Bariatric surgery is a surgery designed to help patients achieve significant weight loss. The surgery restricts the amount of food patients can eat and diminishes caloric intake. It is designed for patients who have a history of failed dieting attempts and a Body Mass Index (BMI) exceeding 40. Patients who have bariatric surgery are usually between 18 and 60 years of age.
Bariatric surgery is an option to alleviate debilitating diseases caused by morbid obesity. Patients who intend to undergo this surgery must be highly motivated. They must be able to adhere to diet, exercise, and medical guidelines for the rest of their lives after surgery.
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There are several types of bariatric surgery available, but they fall into three basic categories. Adjustable gastric banding, or vertical banded gastroplasty (VBG), is designed to reduce the size of the stomach with the use of an adjustable silicon band. The weight loss is achieved by limiting the amount of food and liquids the patient can ingest.
Another bariatric surgery is Roux-en-Y gastric bypass surgery. With this type of surgery, a small pouch is created and connected to a short portion of the small intestine. While the normal stomach size is that of a melon or football, the gastric bypass reduces the stomach to the size of an egg. The smaller pouch encourages the patient to eat less food. Also, because parts of the stomach and small intestine are bypassed in the digestive process, the body absorbs fewer calories.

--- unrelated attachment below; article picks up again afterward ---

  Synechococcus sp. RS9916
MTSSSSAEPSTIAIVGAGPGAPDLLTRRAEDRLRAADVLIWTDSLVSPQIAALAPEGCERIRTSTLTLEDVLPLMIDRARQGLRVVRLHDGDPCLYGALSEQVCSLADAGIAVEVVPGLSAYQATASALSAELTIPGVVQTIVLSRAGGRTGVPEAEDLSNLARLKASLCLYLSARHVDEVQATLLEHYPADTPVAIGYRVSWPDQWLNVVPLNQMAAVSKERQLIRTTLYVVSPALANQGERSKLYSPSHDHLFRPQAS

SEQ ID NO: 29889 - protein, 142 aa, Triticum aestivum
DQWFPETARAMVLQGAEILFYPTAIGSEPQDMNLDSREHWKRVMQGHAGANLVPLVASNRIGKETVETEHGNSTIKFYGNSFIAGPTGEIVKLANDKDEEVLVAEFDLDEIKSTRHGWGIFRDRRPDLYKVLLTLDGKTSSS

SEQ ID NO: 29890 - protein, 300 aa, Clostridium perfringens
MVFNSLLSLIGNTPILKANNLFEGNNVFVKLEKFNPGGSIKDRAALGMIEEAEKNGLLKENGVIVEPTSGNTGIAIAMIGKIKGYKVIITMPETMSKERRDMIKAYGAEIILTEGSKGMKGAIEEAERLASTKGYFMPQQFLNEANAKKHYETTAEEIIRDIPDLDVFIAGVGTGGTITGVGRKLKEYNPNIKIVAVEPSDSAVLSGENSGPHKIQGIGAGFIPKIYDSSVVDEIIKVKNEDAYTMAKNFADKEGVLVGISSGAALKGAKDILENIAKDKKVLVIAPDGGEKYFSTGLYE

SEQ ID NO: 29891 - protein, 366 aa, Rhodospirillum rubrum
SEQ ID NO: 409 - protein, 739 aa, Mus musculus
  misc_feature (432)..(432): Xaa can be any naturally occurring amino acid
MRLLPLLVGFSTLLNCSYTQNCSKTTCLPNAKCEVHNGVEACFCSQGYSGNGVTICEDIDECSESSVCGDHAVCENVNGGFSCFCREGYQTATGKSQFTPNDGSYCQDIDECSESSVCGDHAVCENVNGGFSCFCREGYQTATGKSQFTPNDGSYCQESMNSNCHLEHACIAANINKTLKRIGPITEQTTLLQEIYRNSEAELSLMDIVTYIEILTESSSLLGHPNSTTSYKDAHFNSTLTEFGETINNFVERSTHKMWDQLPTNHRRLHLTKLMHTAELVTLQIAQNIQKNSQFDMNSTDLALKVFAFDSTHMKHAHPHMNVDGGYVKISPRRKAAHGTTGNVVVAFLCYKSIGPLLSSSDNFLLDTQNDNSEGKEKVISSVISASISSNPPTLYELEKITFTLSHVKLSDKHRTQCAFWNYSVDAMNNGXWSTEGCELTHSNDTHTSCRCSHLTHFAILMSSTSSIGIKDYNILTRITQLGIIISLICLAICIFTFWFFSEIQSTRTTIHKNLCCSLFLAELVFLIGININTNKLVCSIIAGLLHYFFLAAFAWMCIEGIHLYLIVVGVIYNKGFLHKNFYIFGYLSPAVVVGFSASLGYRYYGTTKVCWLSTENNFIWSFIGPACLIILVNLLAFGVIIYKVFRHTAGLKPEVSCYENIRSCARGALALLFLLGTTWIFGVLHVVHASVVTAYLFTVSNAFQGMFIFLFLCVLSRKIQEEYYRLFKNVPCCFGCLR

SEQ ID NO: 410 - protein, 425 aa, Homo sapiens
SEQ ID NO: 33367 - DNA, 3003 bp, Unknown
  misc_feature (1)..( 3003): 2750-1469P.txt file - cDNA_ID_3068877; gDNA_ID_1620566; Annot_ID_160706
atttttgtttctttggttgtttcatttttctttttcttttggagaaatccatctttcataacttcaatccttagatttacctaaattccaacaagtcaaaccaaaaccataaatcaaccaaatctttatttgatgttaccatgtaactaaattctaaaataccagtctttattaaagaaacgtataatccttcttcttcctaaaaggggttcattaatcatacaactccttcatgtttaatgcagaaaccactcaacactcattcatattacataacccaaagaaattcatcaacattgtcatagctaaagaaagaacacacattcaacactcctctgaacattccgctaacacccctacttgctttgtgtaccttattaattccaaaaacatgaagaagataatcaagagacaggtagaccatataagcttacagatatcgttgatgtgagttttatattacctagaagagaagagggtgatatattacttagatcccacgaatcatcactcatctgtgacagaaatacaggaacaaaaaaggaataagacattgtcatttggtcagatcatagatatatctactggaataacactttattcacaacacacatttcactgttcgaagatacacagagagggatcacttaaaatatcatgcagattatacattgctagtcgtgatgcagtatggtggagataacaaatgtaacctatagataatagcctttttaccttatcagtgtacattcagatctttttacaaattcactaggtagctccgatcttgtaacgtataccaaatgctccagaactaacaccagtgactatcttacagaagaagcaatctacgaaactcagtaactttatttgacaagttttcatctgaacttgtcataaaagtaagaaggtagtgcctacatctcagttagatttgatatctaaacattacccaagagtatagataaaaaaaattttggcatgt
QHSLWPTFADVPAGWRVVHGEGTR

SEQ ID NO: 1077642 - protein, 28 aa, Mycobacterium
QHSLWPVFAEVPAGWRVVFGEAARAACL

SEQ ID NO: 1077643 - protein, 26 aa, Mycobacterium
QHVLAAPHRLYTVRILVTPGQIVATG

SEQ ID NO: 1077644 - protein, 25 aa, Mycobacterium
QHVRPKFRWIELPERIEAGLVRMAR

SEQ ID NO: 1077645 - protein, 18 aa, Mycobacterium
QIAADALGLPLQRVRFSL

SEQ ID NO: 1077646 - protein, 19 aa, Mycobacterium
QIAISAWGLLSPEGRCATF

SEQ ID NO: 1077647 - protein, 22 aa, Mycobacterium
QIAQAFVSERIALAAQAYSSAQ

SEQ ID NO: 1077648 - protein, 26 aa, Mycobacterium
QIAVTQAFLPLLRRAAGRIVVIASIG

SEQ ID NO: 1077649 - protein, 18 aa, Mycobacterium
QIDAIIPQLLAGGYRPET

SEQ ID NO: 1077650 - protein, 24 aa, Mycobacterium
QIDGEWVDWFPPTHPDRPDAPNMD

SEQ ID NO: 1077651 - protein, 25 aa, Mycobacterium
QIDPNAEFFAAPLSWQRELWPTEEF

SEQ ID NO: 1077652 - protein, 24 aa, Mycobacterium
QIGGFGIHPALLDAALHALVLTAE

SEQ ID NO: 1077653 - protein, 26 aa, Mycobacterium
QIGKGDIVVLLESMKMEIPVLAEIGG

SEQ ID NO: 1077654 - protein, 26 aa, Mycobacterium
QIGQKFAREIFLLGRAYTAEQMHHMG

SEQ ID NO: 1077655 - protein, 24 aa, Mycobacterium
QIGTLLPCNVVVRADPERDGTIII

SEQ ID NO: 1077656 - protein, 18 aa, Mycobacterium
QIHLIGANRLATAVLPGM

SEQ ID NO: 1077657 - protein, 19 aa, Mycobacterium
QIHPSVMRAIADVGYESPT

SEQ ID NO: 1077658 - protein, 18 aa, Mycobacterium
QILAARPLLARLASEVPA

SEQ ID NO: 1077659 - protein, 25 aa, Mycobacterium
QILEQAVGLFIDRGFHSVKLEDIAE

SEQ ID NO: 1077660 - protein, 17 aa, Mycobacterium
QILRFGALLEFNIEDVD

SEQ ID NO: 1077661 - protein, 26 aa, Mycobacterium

The Roux-en-Y bypass has been performed for many years. It can now be performed using laparascopic techniques, which are minimally invasive. This means a shorter recovery time, fewer stitches, and lowered risk of infection.
Another type of bariatric surgery is the biliary-pancriatic diversion/duodenal switch. This surgery shortens the length of the small intestine and may divide the stomach. This results in limited storage capacity and weight loss through the malabsorption of ingested food.
Undergoing bariatric surgery is major decision to make. It will have implications on your eating habits and lifestyle for the rest of your life. You must be well motivated and committed before considering bariatric surgery. Most medical insurance plans cover this type of surgery if you are above the BMI qualifying criteria. However, some insurance plans have exception clauses and should be well researched before applying.